Agri Business

Farm research severely hit: biotech firms

KV Kurmanath Hyderabad | Updated on January 24, 2018 Published on November 24, 2015

Stiff opposition Several firms have either shut down or slowed down their research programmes, as the uncertainty in getting permissions for field trials of genetically modified crops continues

Disconnect between Centre, States affecting pace of R&D; farmers denied benefits





With the frequency of GEAC (Genetic Engineering Appraisal Committee) meetings coming down and several States acting slow on giving NOCs (No Objection Certificate) for GM field trials, the ABLE-AG (Association of Biotech Led Enterprises) has said that scientific research in agriculture has been severely hit.

Several firms have either shut down or slowed down research programmes, as uncertainty in getting permissions for field trials of genetically modified crops continues.

‘Neighbours progressing’

“We lost 4-5 years in agricultural research, while countries like Vietnam, China and Bangladesh have progressed,” Shivendra Bajaj, Executive Director of Association of Biotech Led Enterprises (ABLE-AG), told BusinessLine.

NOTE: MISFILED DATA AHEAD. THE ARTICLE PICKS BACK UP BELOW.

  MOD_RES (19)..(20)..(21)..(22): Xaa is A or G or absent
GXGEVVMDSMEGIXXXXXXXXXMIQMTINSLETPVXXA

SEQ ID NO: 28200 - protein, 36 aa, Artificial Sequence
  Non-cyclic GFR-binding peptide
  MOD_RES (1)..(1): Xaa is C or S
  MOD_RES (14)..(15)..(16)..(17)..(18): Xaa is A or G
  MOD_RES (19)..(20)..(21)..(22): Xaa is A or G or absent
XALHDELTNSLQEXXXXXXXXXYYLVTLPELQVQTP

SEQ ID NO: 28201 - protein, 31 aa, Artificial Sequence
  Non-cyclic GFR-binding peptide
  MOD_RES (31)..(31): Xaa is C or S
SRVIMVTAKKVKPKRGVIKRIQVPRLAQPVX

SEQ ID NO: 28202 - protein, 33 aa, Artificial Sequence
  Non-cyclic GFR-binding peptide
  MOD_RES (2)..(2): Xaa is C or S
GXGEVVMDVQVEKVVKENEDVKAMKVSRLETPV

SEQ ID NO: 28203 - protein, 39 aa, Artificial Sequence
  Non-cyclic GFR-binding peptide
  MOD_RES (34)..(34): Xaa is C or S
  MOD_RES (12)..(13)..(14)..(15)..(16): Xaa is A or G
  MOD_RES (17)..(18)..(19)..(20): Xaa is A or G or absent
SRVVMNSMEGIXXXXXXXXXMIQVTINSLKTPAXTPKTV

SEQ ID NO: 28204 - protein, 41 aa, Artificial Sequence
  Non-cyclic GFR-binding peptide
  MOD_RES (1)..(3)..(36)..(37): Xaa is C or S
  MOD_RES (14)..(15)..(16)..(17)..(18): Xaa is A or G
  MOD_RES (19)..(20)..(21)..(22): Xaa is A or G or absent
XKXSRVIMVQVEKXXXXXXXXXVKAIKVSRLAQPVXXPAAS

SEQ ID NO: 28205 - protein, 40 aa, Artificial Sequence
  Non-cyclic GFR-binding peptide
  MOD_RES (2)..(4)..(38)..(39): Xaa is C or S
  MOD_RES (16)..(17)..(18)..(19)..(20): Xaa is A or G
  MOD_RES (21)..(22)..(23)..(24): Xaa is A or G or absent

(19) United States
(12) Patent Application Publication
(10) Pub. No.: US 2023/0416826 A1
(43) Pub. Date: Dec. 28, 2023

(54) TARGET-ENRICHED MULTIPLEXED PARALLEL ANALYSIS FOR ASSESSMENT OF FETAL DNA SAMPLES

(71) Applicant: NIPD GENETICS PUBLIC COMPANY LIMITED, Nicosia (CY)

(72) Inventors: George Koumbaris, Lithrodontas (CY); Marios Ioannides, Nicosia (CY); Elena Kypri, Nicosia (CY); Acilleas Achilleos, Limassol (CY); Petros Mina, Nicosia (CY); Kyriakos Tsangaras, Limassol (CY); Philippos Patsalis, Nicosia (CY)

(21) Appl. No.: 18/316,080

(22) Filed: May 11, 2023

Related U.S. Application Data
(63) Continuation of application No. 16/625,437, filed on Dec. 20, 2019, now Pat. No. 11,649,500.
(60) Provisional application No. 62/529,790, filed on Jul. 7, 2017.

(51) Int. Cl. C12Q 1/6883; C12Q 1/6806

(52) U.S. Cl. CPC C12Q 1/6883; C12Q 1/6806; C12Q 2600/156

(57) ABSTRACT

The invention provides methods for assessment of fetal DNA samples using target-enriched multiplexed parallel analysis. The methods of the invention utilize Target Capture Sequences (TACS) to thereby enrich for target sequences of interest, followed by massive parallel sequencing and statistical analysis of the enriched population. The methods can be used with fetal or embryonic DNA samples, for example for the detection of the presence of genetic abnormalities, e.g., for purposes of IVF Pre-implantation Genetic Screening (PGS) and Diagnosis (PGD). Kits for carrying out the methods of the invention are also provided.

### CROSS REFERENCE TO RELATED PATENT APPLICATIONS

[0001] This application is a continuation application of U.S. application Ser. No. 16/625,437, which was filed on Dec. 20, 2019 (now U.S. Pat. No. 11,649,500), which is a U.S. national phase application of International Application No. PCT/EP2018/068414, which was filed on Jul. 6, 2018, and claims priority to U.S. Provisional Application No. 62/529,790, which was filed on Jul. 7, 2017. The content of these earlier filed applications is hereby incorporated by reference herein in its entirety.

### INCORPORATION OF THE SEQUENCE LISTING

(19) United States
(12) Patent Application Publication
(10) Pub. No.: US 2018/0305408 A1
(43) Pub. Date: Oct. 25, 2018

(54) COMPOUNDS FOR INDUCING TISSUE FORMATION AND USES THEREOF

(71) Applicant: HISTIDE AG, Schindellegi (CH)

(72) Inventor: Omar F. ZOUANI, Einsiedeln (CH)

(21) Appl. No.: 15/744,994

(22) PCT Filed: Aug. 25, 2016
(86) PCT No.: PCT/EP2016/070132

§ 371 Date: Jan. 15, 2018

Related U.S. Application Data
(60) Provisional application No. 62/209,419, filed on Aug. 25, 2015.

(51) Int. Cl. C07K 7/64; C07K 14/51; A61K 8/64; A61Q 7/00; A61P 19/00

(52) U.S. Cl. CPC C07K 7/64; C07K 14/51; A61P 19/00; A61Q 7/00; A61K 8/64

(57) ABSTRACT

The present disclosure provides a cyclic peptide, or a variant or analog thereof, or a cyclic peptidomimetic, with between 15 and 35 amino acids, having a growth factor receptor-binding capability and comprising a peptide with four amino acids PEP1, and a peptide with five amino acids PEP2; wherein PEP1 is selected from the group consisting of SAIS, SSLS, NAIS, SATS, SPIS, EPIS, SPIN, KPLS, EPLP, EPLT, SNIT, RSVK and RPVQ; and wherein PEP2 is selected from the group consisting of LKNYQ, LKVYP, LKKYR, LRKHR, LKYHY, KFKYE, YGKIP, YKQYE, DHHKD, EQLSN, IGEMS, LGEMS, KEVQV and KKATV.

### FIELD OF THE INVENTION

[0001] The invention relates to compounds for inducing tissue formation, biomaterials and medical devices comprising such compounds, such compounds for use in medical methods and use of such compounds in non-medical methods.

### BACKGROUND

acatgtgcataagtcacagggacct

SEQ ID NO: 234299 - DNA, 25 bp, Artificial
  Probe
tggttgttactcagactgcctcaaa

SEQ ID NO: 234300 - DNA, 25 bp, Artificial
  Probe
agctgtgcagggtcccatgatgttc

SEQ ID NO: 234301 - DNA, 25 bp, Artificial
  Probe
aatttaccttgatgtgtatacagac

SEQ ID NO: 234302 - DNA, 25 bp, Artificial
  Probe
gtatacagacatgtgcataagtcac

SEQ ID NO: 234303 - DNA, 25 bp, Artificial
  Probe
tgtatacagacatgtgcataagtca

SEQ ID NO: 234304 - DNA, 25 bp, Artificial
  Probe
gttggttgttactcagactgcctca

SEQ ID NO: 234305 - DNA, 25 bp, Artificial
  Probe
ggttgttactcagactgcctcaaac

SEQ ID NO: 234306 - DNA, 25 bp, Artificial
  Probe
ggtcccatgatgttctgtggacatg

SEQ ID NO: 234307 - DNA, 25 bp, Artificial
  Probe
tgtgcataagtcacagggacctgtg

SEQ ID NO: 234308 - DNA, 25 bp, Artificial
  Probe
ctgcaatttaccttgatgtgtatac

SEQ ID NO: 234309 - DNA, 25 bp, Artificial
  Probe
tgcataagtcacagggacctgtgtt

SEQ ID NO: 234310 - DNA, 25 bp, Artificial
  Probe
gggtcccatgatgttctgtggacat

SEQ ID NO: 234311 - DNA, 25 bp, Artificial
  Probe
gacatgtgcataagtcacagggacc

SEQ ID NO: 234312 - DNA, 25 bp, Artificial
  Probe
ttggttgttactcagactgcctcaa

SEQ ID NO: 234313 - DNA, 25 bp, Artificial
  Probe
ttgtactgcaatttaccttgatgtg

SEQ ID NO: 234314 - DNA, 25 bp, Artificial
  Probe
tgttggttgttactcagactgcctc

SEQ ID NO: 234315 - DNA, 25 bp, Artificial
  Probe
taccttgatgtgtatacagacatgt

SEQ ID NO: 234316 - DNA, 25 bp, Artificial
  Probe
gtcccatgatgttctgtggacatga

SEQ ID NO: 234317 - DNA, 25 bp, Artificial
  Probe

The association had thought the new regime at the Centre would make it easier for the industry in getting approvals.

But protests against GM crops and research in this area got stronger, with Rashtriya Swayamsevak Sangh (RSS)-backed organisations putting pressure on BJP-ruled States to stop giving permissions for GM crop field trials.

The association feels the Centre has been favourable (for trials) but mandatory permissions from States were hard to come by.

“There is a strong disconnect between the Centre and States. Some States are not even equipped to clear proposals. Others try to repeat what the GEAC does. But they don’t have the technical wherewithal to do that,” he said.

Political angle

Ram Kaundinya, Director-General of ABLE-AG, said the States were not able to see the bigger picture.

“Because they are not able to take a technical view, they are taking a political view on the issue,” he said.

The Genetic Engineering Appraisal Committee, which works under the Union Ministry of Environment, vets the proposals from agricultural biotech firms before giving permissions.

However, the firms will have to take NOCs from respective States to conduct the field trials. Several firms could not start trials even after getting the GEAC go-ahead, as some States tread a cautious path, keeping in view the politically sensitive issue.

Different response

While the Andhra Pradesh Government has approved trials in some crops, the Telangana Government has just formed a committee to vet the proposals. Other States such as Bihar, Kerala, and Jharkhand have taken a hard stance.

“There are certain technologies that could solve the problems of our farmers. For one, drought-tolerant maize and sugar cane could be of great help to them. But the present gridlock does not allow it to happen,” Kaundinya said.

Published on November 24, 2015
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